The Monte-Carlo Philharmonic Orchestra has chosen the theme Light and Shade for its first concert of the 2019-2020 season.

On 22nd September, Principal Conductor and Artistic Director, Kazuki Yamada, leads the Orchestra in a performance of works by Victor de Sabata, Sir Edward Elgar and Camille Saint-Saëns, with contralto Marie-Nicole Lemieux and organist Olivier Vernet as guest soloists.

French-Canadian contralto Marie-Nicole Lemieux – the Orchestra’s Artist in residence this season – won the Queen Fabiola and Lied Prize in Brussels in 2000, making her the first Canadian to win the Queen Elizabeth International Music Competition for Opera.

Her career has taken her to some of the most famous stages in the world, in opera houses such as La Scala, the Royal Opera House, Covent Garden, l’Opéra National de Paris, la Monnaie in Brussels, the Staatsoper in Berlin, the Theater an der Wien, the Teatro Real in Madrid, the Liceu of Barcelona, the Montreal Opera, and appearances at festivals such as the Salzburg Festival, the Glyndebourne Festival, and Chorégies d’Orange.

Ms Lemieux has also performed works of the great symphonic repertoire with some of the world’s leading orchestras – such as the New York Philharmonic, the St Petersburg Philharmonic and the London Philharmonia – led by some of the finest conductors our of time. As an acclaimed recital artist, she specializes in French and Russian songs, as well as German lieder.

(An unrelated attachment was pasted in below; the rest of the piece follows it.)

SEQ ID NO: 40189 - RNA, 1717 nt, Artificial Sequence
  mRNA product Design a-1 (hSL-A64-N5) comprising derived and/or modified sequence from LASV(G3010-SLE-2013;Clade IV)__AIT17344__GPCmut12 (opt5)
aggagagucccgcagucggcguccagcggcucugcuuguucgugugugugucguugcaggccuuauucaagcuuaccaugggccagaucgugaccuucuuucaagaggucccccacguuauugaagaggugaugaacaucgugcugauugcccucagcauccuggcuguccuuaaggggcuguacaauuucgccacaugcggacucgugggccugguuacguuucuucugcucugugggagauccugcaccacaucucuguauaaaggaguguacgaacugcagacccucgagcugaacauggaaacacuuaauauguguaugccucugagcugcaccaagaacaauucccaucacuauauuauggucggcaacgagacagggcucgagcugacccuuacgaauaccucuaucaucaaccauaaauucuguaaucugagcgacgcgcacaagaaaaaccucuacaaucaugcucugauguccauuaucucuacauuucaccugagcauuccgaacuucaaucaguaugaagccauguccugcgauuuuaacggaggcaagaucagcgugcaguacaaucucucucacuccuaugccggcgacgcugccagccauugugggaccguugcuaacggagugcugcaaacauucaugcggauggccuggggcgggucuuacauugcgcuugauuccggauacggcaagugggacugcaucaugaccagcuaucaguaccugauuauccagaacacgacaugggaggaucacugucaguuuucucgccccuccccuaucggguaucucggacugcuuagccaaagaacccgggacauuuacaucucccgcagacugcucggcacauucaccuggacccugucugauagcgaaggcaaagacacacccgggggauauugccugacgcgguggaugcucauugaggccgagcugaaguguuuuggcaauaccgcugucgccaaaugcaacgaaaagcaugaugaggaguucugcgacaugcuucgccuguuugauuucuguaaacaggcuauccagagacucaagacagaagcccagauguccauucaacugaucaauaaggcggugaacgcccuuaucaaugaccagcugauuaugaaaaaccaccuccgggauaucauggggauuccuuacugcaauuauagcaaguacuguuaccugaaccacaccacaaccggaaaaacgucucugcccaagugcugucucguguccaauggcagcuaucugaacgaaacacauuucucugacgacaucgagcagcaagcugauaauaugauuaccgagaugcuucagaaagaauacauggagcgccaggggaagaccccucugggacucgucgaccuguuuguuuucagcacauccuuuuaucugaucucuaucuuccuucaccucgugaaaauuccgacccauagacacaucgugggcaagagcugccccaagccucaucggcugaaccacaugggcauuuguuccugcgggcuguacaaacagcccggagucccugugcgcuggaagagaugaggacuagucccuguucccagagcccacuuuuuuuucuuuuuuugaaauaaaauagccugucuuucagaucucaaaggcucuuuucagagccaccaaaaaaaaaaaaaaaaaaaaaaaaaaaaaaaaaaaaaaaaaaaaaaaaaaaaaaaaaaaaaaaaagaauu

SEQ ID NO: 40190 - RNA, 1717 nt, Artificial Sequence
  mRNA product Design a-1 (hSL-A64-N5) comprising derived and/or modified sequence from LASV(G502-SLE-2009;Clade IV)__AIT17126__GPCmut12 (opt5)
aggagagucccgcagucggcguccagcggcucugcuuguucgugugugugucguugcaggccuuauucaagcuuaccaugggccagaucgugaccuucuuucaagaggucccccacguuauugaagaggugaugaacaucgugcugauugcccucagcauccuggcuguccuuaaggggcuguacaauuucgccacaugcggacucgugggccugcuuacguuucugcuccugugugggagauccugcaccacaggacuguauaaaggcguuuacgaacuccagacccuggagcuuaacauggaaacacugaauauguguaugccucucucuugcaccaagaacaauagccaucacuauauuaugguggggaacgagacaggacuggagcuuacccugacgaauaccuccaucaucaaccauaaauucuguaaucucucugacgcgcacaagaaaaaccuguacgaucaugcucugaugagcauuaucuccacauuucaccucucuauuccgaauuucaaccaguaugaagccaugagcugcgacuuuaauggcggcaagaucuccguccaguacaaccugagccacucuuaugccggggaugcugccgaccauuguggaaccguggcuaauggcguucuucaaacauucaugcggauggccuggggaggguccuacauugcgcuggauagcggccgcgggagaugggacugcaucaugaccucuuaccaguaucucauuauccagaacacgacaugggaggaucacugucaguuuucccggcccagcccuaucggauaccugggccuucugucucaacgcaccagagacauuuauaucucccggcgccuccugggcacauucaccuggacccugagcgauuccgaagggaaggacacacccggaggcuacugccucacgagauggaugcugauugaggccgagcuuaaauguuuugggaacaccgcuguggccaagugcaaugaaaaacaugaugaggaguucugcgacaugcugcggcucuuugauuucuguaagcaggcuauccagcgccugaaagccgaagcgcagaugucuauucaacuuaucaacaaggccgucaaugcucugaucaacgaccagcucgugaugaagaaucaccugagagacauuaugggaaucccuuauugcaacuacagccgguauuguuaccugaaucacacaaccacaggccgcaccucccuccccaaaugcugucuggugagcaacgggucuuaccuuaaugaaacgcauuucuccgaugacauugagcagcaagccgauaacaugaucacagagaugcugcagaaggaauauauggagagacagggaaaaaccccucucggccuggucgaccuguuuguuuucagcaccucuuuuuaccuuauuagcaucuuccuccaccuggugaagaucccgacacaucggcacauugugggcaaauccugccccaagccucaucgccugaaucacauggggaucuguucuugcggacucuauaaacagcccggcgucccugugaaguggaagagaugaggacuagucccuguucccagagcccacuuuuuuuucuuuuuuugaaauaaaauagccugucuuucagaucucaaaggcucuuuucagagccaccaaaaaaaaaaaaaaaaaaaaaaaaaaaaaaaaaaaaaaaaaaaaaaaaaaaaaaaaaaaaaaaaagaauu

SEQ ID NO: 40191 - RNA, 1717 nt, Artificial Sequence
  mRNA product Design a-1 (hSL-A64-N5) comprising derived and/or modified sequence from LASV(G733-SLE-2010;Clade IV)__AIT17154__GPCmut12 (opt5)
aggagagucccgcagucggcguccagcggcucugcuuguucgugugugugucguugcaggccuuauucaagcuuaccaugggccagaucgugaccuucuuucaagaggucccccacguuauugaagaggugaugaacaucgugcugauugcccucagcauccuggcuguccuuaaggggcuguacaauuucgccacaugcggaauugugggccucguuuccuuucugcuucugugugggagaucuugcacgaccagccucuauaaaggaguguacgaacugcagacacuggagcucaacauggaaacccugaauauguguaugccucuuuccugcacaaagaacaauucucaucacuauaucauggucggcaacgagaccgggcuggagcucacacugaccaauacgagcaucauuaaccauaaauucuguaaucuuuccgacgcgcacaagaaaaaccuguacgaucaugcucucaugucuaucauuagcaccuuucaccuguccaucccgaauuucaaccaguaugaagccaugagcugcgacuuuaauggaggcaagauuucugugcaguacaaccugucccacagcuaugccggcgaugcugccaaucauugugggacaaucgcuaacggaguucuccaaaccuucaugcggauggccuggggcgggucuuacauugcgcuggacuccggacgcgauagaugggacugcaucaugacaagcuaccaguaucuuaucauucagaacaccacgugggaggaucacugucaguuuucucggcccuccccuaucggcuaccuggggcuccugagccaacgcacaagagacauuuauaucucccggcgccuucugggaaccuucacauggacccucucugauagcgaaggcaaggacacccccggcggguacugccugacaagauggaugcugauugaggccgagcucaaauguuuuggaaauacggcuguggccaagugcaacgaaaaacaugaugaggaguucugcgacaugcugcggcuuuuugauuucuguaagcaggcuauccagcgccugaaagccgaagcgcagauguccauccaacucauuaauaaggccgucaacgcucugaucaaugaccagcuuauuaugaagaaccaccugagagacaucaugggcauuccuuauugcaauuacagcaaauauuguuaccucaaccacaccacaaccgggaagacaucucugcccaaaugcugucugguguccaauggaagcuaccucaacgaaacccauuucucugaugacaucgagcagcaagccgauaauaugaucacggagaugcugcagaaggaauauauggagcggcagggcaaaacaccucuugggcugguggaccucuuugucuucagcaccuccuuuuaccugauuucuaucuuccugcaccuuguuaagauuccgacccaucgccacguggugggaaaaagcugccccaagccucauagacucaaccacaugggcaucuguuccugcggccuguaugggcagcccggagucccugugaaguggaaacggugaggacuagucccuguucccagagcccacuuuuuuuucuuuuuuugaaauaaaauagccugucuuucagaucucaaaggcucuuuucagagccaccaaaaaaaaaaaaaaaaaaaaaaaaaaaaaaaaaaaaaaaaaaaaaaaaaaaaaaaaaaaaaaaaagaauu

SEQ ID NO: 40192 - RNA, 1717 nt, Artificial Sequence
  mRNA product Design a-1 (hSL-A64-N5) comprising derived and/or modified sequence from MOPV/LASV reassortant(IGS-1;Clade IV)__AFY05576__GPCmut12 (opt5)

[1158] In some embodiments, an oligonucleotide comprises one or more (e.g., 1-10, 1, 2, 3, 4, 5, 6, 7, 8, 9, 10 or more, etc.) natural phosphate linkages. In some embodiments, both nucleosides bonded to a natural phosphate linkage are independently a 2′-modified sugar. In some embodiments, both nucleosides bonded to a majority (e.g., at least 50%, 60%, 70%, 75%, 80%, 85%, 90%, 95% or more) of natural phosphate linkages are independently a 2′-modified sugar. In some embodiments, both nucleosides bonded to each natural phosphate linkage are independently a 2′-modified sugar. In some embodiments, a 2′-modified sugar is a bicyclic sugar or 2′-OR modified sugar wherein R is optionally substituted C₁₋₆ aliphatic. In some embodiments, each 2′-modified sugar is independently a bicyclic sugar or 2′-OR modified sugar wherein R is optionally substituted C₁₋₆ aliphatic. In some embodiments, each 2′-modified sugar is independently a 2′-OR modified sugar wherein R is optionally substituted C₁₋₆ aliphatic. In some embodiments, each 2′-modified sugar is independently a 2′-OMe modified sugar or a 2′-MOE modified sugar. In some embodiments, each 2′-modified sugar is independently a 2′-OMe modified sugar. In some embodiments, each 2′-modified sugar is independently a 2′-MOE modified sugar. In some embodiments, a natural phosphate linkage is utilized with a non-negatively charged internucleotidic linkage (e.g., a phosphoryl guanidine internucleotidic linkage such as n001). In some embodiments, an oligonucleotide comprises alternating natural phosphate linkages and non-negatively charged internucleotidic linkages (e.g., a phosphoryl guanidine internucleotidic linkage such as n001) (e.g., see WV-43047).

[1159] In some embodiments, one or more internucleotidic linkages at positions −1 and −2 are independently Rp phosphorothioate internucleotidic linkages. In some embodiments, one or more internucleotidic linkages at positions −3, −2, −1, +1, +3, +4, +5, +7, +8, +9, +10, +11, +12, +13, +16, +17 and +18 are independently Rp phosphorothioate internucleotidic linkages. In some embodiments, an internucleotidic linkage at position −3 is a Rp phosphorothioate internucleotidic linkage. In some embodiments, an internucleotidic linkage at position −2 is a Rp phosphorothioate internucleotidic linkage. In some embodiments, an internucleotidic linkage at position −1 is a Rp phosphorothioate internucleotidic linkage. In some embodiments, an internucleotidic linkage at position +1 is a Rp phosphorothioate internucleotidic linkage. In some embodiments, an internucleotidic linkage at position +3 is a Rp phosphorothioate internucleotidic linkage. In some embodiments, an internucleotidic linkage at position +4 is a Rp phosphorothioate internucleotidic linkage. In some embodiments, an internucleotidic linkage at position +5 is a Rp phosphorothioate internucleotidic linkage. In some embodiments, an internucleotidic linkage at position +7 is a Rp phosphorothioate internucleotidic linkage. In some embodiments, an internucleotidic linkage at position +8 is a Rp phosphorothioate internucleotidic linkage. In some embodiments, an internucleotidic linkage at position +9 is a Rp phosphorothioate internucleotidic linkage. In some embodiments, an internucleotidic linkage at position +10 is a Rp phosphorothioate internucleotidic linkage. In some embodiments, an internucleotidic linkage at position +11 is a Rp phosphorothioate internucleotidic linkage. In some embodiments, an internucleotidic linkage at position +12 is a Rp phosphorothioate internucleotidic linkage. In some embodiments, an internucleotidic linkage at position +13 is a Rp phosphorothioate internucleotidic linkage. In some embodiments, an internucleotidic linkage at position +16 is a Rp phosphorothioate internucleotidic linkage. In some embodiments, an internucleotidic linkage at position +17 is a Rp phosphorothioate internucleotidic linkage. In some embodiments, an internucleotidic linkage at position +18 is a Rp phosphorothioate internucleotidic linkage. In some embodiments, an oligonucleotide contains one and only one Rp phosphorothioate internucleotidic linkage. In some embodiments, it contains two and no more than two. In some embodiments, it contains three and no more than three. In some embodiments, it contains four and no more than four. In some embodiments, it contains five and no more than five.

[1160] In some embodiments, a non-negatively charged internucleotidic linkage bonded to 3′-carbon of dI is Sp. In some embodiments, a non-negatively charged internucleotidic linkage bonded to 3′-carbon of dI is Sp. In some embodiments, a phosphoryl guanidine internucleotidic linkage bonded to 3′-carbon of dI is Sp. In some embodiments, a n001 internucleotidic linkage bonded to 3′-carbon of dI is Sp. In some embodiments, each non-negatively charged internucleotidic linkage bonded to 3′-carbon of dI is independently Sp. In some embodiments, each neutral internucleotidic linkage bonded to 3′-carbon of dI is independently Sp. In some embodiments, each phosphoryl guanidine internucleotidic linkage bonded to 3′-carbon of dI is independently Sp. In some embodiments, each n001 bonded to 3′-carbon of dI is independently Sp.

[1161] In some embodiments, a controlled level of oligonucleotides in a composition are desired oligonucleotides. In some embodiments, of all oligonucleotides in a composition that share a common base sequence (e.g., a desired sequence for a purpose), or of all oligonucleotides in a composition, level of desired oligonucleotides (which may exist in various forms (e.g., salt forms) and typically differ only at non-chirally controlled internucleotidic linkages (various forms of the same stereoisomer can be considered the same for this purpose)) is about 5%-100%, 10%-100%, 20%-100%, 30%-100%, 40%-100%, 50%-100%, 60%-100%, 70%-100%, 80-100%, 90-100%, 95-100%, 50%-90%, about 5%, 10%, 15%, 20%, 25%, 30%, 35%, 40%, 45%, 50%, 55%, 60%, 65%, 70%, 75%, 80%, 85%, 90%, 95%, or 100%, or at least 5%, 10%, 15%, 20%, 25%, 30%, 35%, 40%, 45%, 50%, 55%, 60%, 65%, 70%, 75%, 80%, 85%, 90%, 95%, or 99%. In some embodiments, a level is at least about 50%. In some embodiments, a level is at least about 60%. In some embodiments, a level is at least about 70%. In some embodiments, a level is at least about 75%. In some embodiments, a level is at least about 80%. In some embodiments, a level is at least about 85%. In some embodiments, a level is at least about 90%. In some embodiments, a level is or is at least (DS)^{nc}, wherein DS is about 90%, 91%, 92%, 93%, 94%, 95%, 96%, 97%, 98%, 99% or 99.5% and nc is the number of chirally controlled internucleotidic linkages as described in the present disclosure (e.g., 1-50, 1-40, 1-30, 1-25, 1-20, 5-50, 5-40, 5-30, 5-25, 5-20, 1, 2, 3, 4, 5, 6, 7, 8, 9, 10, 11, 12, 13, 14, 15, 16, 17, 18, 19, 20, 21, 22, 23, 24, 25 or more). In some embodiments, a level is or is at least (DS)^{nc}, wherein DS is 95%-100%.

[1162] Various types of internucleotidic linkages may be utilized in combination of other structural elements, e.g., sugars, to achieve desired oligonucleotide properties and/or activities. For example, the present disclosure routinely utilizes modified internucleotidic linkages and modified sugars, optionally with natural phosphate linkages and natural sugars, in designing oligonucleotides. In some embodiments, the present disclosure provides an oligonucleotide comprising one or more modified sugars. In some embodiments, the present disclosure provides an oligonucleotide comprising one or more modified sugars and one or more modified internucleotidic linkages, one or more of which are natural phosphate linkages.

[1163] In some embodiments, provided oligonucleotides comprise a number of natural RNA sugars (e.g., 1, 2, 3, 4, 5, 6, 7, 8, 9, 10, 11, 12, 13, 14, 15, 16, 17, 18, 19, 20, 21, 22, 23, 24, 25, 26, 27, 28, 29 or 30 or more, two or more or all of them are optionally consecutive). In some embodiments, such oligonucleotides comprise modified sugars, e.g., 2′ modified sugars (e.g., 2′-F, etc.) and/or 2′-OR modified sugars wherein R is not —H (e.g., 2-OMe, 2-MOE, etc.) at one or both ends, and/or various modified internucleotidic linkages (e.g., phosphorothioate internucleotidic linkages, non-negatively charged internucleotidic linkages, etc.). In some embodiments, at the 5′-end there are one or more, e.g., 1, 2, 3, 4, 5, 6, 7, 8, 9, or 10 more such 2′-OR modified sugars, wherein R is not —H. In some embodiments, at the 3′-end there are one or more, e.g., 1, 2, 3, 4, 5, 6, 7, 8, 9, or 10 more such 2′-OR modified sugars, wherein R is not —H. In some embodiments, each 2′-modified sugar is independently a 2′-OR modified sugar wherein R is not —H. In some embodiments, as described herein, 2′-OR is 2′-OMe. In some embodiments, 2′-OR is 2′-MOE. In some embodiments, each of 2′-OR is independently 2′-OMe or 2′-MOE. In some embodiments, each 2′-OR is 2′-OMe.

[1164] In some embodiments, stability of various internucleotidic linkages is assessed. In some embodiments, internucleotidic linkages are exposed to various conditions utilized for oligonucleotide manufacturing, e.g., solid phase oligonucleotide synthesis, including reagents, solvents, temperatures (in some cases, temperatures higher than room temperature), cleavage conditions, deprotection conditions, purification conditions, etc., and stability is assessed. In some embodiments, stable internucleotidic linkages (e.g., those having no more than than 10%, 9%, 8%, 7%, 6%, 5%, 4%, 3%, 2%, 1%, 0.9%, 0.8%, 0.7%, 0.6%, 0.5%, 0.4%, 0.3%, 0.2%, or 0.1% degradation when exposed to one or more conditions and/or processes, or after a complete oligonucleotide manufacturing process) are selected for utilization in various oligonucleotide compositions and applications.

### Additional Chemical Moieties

Olivier Vernet – described by The American Organist as “a formidable performer” and by La Marseillaise as “an unrivalled organist of dazzling virtuosity” – served for 15 years as Co-Titular Organist of the Church of St Louis in Vichy, home of the famous Bernard Aubertin organ. In an international competition, he was selected as the successor of René Saorgin at Titular Organist at the Cathedral of Monaco in January 2006.

An international soloist and concert artist, he has performed in Paris at Notre Dame, La Madeleine, St-Etienne-du-Mont and with Radio France. He has appeared throughout France, and also in countries such as Germany, Canada, Denmark, Great Britain, Italy, the USA and Japan, and is frequently invited to perform at some of the world’s most prestigious organ and music festivals.

Olivier Vernet is currently organ professor at the Tours Conservancy, and at the Academy of Music Rainier III of Monaco. He is also Artistic Director of the Monaco International Organ Festival and the Organ Festival of Mougins.

The OPMC concert opens with de Sabata’s Symphonic Poem for Orchestra, Juventus, a work in the style of late-German romanticism, described by Gramophone magazine as having “an almost Waltonian exuberance, coloured (near the end) by just a hint of Puccini”.

Written in 1919, it was a frequent inclusion in programmes conducted by Arturo Toscanini, whose encouragement persuaded de Sabata – a composer, violinist and virtuoso pianist – to pursue a career in conducting. One of the world’s leading conductors of his time – particularly of Italian opera – de Sabata focussed on a wide ranging repertoire of traditional works, as well as those of modern composers such as Stravinsky, Ravel, Debussy, Sibelius, Strauss and his Italian contemporaries. As conductor of the Monte-Carlo Opera, he led the world premiere of Ravel’s L’enfant et les Sortiléges in 1925.